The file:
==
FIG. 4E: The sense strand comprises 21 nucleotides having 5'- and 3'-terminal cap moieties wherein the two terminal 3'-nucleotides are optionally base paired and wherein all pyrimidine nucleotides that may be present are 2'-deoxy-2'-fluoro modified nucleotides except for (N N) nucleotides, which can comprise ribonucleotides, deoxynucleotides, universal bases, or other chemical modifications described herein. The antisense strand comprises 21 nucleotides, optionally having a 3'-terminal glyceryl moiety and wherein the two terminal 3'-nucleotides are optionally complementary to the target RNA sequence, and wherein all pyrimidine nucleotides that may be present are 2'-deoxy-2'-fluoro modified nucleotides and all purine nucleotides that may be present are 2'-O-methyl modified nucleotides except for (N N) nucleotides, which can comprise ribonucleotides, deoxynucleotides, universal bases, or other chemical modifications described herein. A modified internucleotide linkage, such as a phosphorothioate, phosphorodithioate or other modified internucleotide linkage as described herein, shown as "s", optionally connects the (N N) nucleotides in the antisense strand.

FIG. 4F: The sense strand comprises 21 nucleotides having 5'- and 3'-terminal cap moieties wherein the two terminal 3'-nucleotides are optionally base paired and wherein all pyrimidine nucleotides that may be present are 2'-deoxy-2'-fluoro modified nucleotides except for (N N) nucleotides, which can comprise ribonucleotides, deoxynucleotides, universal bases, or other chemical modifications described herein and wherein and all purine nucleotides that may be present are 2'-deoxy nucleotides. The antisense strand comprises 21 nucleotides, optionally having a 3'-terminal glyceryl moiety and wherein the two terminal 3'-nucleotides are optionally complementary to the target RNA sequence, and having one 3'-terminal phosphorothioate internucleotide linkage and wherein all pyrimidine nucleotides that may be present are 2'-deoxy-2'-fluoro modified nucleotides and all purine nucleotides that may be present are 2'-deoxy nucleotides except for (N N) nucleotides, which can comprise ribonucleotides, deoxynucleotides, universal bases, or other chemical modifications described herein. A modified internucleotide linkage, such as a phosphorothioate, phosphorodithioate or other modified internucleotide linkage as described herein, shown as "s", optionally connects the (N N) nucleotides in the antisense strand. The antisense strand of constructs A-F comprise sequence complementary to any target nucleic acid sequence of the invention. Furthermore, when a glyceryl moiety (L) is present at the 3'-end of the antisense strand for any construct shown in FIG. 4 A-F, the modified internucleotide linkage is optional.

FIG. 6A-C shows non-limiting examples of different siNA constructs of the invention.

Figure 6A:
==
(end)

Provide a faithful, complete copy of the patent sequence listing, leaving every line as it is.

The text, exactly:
FIG. 4E: The sense strand comprises 21 nucleotides having 5'- and 3'-terminal cap moieties wherein the two terminal 3'-nucleotides are optionally base paired and wherein all pyrimidine nucleotides that may be present are 2'-deoxy-2'-fluoro modified nucleotides except for (N N) nucleotides, which can comprise ribonucleotides, deoxynucleotides, universal bases, or other chemical modifications described herein. The antisense strand comprises 21 nucleotides, optionally having a 3'-terminal glyceryl moiety and wherein the two terminal 3'-nucleotides are optionally complementary to the target RNA sequence, and wherein all pyrimidine nucleotides that may be present are 2'-deoxy-2'-fluoro modified nucleotides and all purine nucleotides that may be present are 2'-O-methyl modified nucleotides except for (N N) nucleotides, which can comprise ribonucleotides, deoxynucleotides, universal bases, or other chemical modifications described herein. A modified internucleotide linkage, such as a phosphorothioate, phosphorodithioate or other modified internucleotide linkage as described herein, shown as "s", optionally connects the (N N) nucleotides in the antisense strand.

FIG. 4F: The sense strand comprises 21 nucleotides having 5'- and 3'-terminal cap moieties wherein the two terminal 3'-nucleotides are optionally base paired and wherein all pyrimidine nucleotides that may be present are 2'-deoxy-2'-fluoro modified nucleotides except for (N N) nucleotides, which can comprise ribonucleotides, deoxynucleotides, universal bases, or other chemical modifications described herein and wherein and all purine nucleotides that may be present are 2'-deoxy nucleotides. The antisense strand comprises 21 nucleotides, optionally having a 3'-terminal glyceryl moiety and wherein the two terminal 3'-nucleotides are optionally complementary to the target RNA sequence, and having one 3'-terminal phosphorothioate internucleotide linkage and wherein all pyrimidine nucleotides that may be present are 2'-deoxy-2'-fluoro modified nucleotides and all purine nucleotides that may be present are 2'-deoxy nucleotides except for (N N) nucleotides, which can comprise ribonucleotides, deoxynucleotides, universal bases, or other chemical modifications described herein. A modified internucleotide linkage, such as a phosphorothioate, phosphorodithioate or other modified internucleotide linkage as described herein, shown as "s", optionally connects the (N N) nucleotides in the antisense strand. The antisense strand of constructs A-F comprise sequence complementary to any target nucleic acid sequence of the invention. Furthermore, when a glyceryl moiety (L) is present at the 3'-end of the antisense strand for any construct shown in FIG. 4 A-F, the modified internucleotide linkage is optional.

FIG. 6A-C shows non-limiting examples of different siNA constructs of the invention.

Figure 6A: